(2) courses were offered during the first term and light-faced courses during the second term

With regard to specific courses, English 1, taught during the first term (FT), had statistically significant correlations with four courses, including a very high correlation with FT Chemistry 1, whereas ST English 2 had varying levels of positive correlation with FT Botany 1 and four ST courses (Agriculture 1, Botany 2, Chemistry 2 and Physiology). Most interestingly, both the FT and ST English courses had no correlation with two mathematics courses, Algebra and Geometry, indicating clearly that the mathematics courses statistically belong to a different domain from the courses in English. Deduced from the first two statistical treatments, DS and CA suggest that individual differences might reside deeply in the statistical outcomes of TIP 1. (Similar findings were exhibited in the other TIPs.)

PIP 1 (Tables 3 and 4) and PIP 4 (Tables are omitted)

PIP 1 was implemented with 26 courses (54%) taught in English and 22 (46%) in Japanese within a four-year curriculum. Tables 3 and 4 demonstrated the results of PIP 1 for FM courses in 1880, indicating a marked difference from the configuration for TIP 1 (Tables 1 and 2). Most noticeably, PIP 1 reduced the number of courses with high variation among students as measured by the statistical features of range, SD and variance (underlined in Table 3). With regard to the CA, only five bivariate values exhibited high correlations between the related courses, with 20 mildly and moderately correlated values (Table 4). This outcome was in clear contrast with the correlational matrix of TIP 1, which had 16 highly correlated and 12 moderately correlated values (Table 2). No correlation of English 1 with the FT Algebra and ST Geometry courses was observed, regardless of the language differences in the courses (in PIP 1, Algebra was taught in English and Geometry in Japanese). This result is consistent with that for TIP 1, again suggesting that mathematics belongs to a different domain from FT English 1. However, the scores for ST English 2 were mildly correlated with FT Algebra, but not with ST Geometry. Also, the Military Drill (MD; present-day physical education) courses had no connection with any other courses, which strongly suggests that the two courses did not share any linguistic features with language-related courses and that they belong to a different domain (Table 4).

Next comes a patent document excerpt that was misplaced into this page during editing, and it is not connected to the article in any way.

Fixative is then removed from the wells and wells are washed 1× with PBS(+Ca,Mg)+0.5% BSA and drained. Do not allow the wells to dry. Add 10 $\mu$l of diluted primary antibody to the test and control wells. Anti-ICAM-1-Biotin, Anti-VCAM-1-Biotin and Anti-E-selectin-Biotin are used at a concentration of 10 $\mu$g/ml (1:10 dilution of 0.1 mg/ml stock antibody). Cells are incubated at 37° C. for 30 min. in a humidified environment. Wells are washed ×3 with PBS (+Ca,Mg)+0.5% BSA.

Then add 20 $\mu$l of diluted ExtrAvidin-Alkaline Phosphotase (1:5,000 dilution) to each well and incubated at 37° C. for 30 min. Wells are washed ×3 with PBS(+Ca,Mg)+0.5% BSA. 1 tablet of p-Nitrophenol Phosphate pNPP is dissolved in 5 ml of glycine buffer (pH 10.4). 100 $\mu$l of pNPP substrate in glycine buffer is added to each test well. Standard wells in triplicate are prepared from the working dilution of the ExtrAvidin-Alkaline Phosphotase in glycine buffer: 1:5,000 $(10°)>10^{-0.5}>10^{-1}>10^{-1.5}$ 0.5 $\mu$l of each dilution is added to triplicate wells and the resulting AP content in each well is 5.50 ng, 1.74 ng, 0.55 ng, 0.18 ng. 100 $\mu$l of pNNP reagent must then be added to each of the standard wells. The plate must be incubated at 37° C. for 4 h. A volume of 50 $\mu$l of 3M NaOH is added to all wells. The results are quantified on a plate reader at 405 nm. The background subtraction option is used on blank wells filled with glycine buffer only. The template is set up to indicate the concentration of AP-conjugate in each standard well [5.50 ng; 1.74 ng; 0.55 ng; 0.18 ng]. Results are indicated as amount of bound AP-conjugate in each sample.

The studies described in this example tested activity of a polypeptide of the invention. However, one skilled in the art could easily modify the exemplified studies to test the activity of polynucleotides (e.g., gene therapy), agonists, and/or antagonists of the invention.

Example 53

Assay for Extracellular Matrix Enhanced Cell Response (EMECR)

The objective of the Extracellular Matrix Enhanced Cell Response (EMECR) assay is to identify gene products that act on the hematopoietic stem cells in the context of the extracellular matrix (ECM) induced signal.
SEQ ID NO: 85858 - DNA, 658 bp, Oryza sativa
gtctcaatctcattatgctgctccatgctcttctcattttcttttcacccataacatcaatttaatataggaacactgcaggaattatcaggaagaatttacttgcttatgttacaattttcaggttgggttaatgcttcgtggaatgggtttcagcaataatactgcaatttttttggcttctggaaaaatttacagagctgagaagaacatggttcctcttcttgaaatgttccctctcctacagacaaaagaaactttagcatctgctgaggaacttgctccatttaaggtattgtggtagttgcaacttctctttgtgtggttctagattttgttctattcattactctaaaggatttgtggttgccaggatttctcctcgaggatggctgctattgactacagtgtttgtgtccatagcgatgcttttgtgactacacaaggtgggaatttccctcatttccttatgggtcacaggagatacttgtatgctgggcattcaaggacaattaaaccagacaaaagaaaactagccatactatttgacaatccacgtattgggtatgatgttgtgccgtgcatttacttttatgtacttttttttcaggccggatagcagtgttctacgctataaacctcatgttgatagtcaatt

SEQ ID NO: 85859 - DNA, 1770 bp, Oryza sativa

Table 3 - Descriptive Statistics for PIP 1: Freshman Courses in 1880
See Full Size >

Notes: (1) Courses in purple were taught in English and courses in green in Japanese.

(2) courses were offered during the first term and light-faced courses during the second term.

PIP 4 was implemented with 26 courses (53%) taught in English and 23 (46%) in Japanese within the four-year curriculum (Table 7). Despite the unbalanced ratio of the courses (eight in English, three in Japanese) for the FM courses in 1884, PIP 4 yielded a totally different outcome in both the DS and CA. The DS exhibited a differential statistical feature of range, SD and variance from those of TIP 1 (Table 1 and 2) and PIP 1(Table 3 and 4). In particular, the MD courses for the FT and ST presented different characteristics not exhibited in TIP 1 and PIP 1, suggesting that some students of lesser physical strength had perhaps entered the programme. Thus, the DS configuration was distinctively projected to the CA with a smaller number of statistically significant values, resulting in five highly correlated values and nine moderately correlated ones.

Summary and discussion of DS and CA

The DS of the three IPs can be summarised as follows. First, the DS results for the FM year for three IPs distinctively exhibited individual differences in varying degrees depending on the programme involved. TIP 1 markedly demonstrated a unique configuration of inter-individual differences from that of PIPs in that the highest- to lowest-achieving students were aligned in a linear fashion across all the courses but an Agriculture course (Table 1). It may be that the root cause of the differential statistical features could be ascribed to individual differences in each programme, and that the approximately 50-50 percentage ratio of languages for the two PIPs might have resulted in the smaller statistical discrepancies exhibited between students.

Secondly, a comparison of the three CA tables showed that individual differences were involved in a complex way and contributed to the number of highly, moderately or mildly correlated values for the three IPs. Particularly for PIP 4, an unexpectedly small number of correlational values suggest that individual differences in students’ factors might have strongly affected the correlations between the two MD courses and FT Algebra/Geometry regardless of the medium of instruction.